Pacific Northwest A developer yesterday announced plans for a midsize retail and apartment complex in West Seattle. Northwest Resource Management Group...
Apartments, retail building plannedA developer yesterday announced plans for a midsize retail and apartment complex in West Seattle.
Northwest Resource Management Group, a Seattle-based firm that has been active in California and Las Vegas, said it was planning 186 apartments on top of one or two stories of retail at the northwest corner of Fauntleroy Way Southwest and Southwest Alaska Street.
The site is occupied by Hancock Fabrics, which has been signed up as a tenant in the new building, the developer said. No other tenants have been named.
Steve Hartley, Northwest’s principal, said the company was hoping to finish negotiations soon with a retail anchor tenant, then begin meetings with city planners and the neighborhood to discuss the project design. Construction is planned for 2006, with the building to be occupied in 2007.
Indonesian airline considers purchaseGaruda Indonesia may buy 24 planes from Boeing as part of its expansion plans, airline President Emirsyah Satar said.
Satar said “the talks for orders of 18 777s and six 737 planes with Boeing are ongoing.” He didn’t give a time frame for the completion of talks. “We may seek a financier so it could be on a leasing arrangement.”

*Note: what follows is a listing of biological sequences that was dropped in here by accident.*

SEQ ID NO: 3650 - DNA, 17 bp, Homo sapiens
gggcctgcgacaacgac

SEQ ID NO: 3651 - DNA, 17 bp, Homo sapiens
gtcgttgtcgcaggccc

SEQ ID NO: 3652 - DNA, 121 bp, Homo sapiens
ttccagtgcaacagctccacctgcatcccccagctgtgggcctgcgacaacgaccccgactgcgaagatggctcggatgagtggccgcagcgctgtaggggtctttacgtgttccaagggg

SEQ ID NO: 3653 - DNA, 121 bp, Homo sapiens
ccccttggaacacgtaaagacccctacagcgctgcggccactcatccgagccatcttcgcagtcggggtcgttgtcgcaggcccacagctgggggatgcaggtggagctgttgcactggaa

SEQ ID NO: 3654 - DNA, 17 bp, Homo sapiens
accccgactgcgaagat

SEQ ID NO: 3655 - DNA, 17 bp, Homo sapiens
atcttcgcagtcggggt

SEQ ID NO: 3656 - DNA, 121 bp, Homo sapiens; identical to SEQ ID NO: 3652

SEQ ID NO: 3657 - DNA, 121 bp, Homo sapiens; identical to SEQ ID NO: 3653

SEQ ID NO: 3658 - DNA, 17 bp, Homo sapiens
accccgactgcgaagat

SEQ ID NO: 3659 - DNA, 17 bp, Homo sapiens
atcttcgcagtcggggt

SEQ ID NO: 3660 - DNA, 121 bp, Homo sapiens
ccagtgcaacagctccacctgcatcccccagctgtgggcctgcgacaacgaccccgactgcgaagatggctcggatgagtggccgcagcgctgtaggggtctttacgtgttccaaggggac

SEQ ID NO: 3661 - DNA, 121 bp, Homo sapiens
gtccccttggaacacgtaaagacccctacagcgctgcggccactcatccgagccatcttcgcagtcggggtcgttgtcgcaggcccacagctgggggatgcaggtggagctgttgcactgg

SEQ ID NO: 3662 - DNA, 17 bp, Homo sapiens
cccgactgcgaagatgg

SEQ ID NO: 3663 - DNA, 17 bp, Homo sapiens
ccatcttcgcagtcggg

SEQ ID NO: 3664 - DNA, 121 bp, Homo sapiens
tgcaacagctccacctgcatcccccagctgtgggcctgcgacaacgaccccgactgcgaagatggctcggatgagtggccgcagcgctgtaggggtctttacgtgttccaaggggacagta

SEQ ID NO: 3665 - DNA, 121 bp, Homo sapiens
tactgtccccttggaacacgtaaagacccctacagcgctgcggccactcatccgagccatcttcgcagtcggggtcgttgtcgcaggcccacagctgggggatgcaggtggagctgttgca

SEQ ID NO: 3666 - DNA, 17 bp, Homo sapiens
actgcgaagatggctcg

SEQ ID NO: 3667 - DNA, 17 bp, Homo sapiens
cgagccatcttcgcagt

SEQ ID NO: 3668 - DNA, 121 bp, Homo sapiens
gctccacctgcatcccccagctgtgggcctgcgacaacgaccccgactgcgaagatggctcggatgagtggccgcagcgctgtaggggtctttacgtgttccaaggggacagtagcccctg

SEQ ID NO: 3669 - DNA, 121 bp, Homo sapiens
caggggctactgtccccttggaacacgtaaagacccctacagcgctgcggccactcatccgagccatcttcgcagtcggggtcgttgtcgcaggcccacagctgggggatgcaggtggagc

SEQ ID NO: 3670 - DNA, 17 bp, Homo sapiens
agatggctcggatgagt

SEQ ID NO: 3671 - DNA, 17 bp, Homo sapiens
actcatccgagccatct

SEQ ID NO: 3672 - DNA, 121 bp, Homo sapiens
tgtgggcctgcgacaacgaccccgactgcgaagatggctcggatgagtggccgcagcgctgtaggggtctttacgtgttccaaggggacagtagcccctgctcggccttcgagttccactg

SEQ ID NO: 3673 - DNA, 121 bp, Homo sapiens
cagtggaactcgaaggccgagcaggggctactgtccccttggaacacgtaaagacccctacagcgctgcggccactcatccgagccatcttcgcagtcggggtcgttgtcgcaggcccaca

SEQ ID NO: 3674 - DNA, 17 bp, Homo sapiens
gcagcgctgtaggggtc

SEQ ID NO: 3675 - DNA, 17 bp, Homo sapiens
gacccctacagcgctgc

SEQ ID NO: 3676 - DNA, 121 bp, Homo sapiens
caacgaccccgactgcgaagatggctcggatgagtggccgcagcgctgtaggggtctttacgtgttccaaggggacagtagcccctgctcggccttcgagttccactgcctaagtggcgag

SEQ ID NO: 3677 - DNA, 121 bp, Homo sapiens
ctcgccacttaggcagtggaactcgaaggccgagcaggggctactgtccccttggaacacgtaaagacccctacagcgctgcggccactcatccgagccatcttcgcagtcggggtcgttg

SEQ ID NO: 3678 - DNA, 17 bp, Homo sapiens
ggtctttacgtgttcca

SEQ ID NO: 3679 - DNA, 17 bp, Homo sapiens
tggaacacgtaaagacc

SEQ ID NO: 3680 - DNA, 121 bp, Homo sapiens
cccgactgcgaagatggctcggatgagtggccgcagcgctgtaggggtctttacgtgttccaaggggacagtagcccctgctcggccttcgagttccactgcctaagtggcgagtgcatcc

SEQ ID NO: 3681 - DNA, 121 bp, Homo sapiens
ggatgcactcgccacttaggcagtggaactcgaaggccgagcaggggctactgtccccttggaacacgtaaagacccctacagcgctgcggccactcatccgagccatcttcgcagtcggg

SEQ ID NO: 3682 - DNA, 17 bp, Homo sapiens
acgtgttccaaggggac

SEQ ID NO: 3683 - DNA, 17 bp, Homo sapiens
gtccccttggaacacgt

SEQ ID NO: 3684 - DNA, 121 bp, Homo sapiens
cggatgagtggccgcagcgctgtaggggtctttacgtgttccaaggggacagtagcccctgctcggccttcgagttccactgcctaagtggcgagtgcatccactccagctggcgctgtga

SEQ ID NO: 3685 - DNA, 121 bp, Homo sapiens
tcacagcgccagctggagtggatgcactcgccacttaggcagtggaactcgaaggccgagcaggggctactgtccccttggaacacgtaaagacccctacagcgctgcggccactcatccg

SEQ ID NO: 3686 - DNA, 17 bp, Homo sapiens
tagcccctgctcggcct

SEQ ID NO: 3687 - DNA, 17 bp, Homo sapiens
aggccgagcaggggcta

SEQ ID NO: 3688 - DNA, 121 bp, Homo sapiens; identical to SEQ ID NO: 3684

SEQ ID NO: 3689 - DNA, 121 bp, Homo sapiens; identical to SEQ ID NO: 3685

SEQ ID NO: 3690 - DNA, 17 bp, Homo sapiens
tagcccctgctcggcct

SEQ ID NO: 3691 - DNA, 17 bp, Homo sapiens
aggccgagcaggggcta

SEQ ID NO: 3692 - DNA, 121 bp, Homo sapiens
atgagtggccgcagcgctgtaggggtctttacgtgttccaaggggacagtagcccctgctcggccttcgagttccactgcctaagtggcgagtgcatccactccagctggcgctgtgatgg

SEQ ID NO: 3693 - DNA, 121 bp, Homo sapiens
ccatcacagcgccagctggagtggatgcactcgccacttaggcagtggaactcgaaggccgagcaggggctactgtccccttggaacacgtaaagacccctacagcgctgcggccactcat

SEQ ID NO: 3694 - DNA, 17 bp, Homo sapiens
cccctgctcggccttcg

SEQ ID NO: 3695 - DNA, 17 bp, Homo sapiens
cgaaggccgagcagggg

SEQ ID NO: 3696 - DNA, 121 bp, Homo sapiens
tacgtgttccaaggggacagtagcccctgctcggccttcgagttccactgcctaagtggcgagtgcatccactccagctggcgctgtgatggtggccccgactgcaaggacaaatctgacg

The airline, Indonesia’s biggest, flies to 30 destinations in that country and serves 24 international routes with a fleet of 60 aircraft, mostly Boeing planes, according to its Web site.
Acquisition signals Asian expansionWaggener Edstrom, a Bellevue-based public-relations firm whose clients include Microsoft, T-Mobile USA and the Fred Hutchinson Cancer Research Center, said it is expanding into Asia by acquiring Hong Kong-based Shout Holdings. Financial terms were not disclosed.
Shout, founded in 2001, serves the Asia-Pacific region through subsidiaries in China, Singapore and Hong Kong. With more than 30 employees, Shout has a client list that includes Brocade Communications Systems, Juniper Networks, Microsoft and Lacoste.